Different River

”You can never step in the same river twice.” –Heraclitus

February 7, 2005

Arthur Laffer: Myths and Facts

Filed under: — Different River @ 10:34 pm

A friend pointed me to this one today: Bill Steigerwald of the Pittsburgh Tribune-Review has an interview with Arthur Laffer. Laffer is the economist known most prominently for pointing out — using a graph now called the “Laffer Curve” — that it’s possible to increase tax revenues by reducing tax rates. It’s an amazingly optimistic interview, for anyone to give, especially an intellectual of any sort, let alone an economist.

I’ve heard a lot of bizarre things about Arthur Laffer over the years, many of them from economists who really should have known better. Here are some of the real zingers.

  1. Myth: “Hasn’t all that Reaganomics stuff been discredited among serious economists?” Oh, you mean the stuff about how reducing tax rates can increase tax revenues? (“Yeah!”) It’s about as discredited among economists as the non-flat-earth theory is discredited among geographers. If you don’t believe it, consider this: If you were charged 100% of your income as income tax, would you get a job? Of course not — not if you were going to report the income, anyway. So if the tax rate is 100%, the tax revenue actually collected is 0%. If you reduce the tax rate — say, to what it actually is right now in the U.S., you can collect trillions of dollars in revenue. So obviously, it’s possible to increase tax revenues by reducing tax rates. Some people argue about whether a reduction from current rates would increase current revenues, and that’s a legitimate question. Most tax-rate decreases (in the last 50 years, in the U.S.) have been followed by increases in tax revenue, but critics argue that there’s always another cause, and the economy is complex enough that it’s hard conclusively prove them wrong. However, if the “other cause” they cite is “economic growth” (or equivalently, “the recession ended”) then that reinforces rather than discredits the Laffer Curve theory, since increased economic growth due to lower tax rates is part-and-parcel of the theory.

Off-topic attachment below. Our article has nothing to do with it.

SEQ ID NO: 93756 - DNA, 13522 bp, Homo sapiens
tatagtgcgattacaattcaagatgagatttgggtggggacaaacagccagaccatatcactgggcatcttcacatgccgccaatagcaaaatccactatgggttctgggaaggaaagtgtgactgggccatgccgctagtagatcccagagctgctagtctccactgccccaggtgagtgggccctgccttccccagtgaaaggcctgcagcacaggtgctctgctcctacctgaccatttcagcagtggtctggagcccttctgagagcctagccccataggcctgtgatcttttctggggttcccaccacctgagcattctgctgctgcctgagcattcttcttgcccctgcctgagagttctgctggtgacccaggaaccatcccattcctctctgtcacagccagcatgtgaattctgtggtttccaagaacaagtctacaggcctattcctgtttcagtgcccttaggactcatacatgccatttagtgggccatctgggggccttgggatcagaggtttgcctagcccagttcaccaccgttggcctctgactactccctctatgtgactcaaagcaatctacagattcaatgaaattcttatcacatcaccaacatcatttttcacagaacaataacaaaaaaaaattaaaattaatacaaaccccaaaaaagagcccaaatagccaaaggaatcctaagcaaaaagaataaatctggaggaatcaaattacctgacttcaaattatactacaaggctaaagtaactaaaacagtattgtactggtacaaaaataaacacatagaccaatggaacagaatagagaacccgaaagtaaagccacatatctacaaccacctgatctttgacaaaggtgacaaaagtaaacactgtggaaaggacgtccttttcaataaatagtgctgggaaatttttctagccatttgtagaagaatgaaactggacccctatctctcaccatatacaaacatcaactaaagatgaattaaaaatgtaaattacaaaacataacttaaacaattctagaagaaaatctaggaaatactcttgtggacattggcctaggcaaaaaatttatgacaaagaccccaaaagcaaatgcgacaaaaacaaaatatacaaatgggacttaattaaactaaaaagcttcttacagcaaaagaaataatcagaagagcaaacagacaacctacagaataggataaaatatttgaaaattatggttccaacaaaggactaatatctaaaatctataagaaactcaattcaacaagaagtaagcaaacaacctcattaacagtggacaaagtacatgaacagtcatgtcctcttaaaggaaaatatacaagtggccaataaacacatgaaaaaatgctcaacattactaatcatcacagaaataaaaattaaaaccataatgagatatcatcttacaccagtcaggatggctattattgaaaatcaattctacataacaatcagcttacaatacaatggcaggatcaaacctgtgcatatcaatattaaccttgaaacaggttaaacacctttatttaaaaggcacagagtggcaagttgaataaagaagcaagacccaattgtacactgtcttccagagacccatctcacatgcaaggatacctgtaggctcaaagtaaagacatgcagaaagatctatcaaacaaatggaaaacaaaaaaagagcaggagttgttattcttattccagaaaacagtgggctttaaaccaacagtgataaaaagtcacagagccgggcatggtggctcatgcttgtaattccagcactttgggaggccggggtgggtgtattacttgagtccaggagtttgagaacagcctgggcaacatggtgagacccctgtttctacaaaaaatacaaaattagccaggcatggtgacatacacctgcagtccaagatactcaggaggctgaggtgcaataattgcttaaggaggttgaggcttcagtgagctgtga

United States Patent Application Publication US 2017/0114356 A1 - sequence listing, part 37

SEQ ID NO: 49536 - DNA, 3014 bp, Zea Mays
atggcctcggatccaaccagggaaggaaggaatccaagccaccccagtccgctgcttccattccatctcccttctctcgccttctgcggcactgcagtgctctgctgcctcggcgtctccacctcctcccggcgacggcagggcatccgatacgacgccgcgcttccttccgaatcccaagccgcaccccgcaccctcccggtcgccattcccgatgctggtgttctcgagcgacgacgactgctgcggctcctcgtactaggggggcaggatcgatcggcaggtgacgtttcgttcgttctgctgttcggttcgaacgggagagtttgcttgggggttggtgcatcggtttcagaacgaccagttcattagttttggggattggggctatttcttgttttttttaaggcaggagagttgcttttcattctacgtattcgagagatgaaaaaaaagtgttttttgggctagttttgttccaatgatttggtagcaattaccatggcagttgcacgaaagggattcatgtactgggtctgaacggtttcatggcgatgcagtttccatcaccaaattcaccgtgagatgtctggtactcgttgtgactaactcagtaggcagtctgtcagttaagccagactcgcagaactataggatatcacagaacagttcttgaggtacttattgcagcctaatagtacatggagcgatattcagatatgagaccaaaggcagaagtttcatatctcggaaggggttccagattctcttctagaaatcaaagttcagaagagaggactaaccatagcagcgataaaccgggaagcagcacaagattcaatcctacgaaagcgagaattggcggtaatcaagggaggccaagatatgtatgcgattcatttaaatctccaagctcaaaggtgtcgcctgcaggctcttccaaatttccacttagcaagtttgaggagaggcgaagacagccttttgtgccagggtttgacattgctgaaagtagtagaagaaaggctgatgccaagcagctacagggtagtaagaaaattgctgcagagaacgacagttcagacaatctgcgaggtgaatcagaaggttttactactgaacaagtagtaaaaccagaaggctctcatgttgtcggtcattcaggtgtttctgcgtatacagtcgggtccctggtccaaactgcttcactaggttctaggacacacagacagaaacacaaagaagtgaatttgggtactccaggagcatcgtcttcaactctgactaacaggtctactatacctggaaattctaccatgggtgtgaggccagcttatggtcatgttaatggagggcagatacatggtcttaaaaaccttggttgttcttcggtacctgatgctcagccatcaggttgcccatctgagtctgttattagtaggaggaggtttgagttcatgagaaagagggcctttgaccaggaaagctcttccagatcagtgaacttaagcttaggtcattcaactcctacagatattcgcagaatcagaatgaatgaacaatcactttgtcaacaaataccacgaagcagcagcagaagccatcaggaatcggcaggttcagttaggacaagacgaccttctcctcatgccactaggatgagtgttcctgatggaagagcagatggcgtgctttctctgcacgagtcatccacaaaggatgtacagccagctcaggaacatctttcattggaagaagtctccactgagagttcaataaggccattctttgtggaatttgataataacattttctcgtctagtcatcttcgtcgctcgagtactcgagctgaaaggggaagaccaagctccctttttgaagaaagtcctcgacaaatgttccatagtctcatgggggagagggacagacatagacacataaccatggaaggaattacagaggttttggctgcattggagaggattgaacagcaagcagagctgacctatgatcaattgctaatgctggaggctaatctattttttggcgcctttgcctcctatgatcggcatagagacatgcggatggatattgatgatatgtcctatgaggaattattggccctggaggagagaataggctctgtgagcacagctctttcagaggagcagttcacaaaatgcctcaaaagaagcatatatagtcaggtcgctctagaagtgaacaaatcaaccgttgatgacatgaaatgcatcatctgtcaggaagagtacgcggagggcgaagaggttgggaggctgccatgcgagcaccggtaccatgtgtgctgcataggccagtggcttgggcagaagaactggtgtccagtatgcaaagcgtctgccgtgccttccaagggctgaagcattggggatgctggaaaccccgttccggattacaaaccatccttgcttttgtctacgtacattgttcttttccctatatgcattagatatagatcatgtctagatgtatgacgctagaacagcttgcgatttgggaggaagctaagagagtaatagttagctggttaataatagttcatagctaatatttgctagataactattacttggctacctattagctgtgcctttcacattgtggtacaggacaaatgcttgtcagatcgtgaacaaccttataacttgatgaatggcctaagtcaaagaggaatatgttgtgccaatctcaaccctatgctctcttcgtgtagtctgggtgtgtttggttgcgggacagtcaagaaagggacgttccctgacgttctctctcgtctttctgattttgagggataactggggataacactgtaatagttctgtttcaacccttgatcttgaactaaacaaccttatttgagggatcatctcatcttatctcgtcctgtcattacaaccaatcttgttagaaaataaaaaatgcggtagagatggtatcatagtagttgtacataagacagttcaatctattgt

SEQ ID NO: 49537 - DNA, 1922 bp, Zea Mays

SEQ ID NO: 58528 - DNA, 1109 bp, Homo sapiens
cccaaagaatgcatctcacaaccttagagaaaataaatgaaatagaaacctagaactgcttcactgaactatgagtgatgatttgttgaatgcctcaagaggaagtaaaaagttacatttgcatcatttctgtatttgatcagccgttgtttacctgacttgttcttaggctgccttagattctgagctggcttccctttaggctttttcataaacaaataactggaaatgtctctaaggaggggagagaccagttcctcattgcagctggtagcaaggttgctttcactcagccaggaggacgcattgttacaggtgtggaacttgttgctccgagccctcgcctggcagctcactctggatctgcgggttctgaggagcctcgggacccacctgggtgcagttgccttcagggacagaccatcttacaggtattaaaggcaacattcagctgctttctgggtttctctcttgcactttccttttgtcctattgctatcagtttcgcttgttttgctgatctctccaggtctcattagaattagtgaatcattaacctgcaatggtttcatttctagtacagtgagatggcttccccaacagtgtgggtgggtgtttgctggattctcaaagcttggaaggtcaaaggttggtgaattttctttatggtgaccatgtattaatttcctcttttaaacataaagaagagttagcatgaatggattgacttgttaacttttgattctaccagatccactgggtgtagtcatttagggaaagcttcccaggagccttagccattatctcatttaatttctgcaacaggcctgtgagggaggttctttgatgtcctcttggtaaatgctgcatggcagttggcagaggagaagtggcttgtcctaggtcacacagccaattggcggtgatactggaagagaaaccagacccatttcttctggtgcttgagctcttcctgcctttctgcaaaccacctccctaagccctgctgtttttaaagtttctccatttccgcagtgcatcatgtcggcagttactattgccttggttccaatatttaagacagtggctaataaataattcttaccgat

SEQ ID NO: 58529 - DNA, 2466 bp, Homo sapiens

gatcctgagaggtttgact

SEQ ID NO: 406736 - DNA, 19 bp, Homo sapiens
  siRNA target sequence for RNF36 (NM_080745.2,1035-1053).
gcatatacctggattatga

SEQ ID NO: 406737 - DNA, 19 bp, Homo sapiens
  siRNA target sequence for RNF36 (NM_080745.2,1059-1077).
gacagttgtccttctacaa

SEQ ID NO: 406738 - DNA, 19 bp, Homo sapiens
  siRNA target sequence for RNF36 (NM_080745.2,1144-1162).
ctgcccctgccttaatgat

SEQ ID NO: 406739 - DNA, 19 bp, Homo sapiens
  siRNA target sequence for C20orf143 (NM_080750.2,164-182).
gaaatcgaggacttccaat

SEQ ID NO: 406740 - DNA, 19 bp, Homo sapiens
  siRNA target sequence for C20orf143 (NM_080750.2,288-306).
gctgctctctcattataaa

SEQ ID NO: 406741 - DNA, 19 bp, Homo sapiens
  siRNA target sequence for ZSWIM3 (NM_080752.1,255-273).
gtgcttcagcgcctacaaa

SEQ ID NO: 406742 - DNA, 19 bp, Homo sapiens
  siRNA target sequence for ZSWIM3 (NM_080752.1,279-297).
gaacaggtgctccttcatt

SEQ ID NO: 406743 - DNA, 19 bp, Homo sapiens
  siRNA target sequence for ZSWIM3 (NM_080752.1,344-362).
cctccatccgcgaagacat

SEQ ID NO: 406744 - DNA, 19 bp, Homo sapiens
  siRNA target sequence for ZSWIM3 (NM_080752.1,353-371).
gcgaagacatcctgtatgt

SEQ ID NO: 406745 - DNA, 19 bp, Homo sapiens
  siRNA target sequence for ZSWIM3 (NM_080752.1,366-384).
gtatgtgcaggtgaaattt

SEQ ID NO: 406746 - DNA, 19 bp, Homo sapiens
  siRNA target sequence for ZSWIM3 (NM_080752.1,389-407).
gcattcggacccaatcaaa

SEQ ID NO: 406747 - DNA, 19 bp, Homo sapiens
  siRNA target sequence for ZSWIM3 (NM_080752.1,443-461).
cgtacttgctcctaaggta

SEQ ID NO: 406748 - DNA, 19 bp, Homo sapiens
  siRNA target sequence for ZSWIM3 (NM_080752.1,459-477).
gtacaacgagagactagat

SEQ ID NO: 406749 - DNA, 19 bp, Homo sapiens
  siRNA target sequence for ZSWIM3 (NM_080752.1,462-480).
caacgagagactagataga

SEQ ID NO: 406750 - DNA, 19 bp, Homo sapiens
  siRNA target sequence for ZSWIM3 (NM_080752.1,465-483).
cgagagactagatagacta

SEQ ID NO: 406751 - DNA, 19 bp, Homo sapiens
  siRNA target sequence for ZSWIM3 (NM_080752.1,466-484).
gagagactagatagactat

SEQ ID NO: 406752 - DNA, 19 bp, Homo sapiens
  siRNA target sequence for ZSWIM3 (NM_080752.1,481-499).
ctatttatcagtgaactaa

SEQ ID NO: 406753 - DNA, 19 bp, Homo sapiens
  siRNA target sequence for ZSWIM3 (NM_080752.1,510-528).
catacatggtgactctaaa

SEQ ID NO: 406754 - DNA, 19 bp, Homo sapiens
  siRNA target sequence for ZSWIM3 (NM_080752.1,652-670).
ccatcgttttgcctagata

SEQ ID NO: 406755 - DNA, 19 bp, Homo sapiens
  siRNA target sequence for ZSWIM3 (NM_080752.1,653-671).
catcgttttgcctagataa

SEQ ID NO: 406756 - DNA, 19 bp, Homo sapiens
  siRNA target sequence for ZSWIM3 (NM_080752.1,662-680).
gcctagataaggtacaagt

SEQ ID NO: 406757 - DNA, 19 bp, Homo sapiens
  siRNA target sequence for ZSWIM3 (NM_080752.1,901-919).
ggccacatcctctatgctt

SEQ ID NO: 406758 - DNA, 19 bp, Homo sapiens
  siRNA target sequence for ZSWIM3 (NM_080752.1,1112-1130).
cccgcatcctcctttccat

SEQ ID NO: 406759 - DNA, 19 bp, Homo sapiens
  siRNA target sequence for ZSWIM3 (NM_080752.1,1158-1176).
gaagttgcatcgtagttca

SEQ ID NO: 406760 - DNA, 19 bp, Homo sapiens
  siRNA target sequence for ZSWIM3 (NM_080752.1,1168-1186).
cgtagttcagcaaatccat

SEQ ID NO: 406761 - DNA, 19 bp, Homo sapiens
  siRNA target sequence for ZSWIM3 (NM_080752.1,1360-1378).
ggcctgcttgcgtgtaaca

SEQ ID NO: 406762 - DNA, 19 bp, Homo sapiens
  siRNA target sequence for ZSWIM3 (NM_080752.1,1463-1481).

Remember this next time one politician proposes tax cuts and another asks, “But how are you going to pay for it?” That’s the economics version of one person saying, “I’m going so fly this plane all the way around the world” and another asking, “But how are you going to get back here?”

  2. Myth: “Arthur Laffer never got a Ph.D. in economics.” When I was an undergraduate, I actually heard this from one of my economics professors, who told a story about how another economist (whom I won’t name, because the story is probably an urban legend) kept calling him “Mister Laffer” at some economics meeting so people would ask why and he would have an excuse to point out that he’s not “Doctor Laffer.” Trouble is, he actually is Doctor Laffer, having completed a Ph.D. in economics at Stanford University in 1971. In the age of the Internet, this is easy to verify; just enter his name into the search box at the Stanford University library search page and click on “Author.” His dissertation, “Private Short-term Capital Flows,” is clearly listed among the library’s holdings. (Scroll down; it’s the only item from him authored in 1971.) It’s also listed in Dissertation Abstracts, though you have to be at a university or similar place to access it from that web site.

  3. Myth: “But Arthur Laffer has never really been a real economist.” The last time I checked, which was about 10 years ago (gasp!), Laffer had, from 1969-85, published 13 articles in indexed, peer-reviewed economics journals, including the Journal of Political Economy, the Review of Economics and Statistics, and the American Economic Review, three of the consensus “top 7″ economics journals. He also had prestigious faculty positions — at the University of Chicago Graduate School of Business, as the Charles B. Thornton Professor of Business Economics at the University of Southern California Marshall School of Business, and as a Distinguished University Professor at Pepperdine University. He then started a couple of consulting and investment businesses, but I don’t think that erases his academic career.

  4. Myth: “Arthur Laffer is a complete right-wing ideologue.” According to the recent interview and this article in U.S. News & World Report, after serving in the Nixon-Ford administration and serving as a top economic adviser to President Reagan, and running unsuccessfully for the Republican nomination for the Senate in 1986, Laffer voted for Clinton twice. He also helped craft a tax plan for Democrat Jerry Brown (!!!) when he was running unsuccessfully for the Democratic nomination for President in 1972. (On Brown: “He’s a weird guy, but he would have made a great president.”) He is now meeting with Bush administration officials about once a quarter to consult on economic policy.

His biography for the speaking circuit is here.

If there’s enough interest (i.e., 1-2 requests), I’ll post a list of his peer-reviewed articles in the comments.

One Response to “Arthur Laffer: Myths and Facts”

  1. Different River Says:

    Taxes Cut; Tax Collections Surge
    Conservative polticians and economists often claim that if tax rates are reduced, the economy will grow more than enough to make up for it, and tax revenues — the total number of dollars actually collected — will rise. Liberal politicians and pundit…

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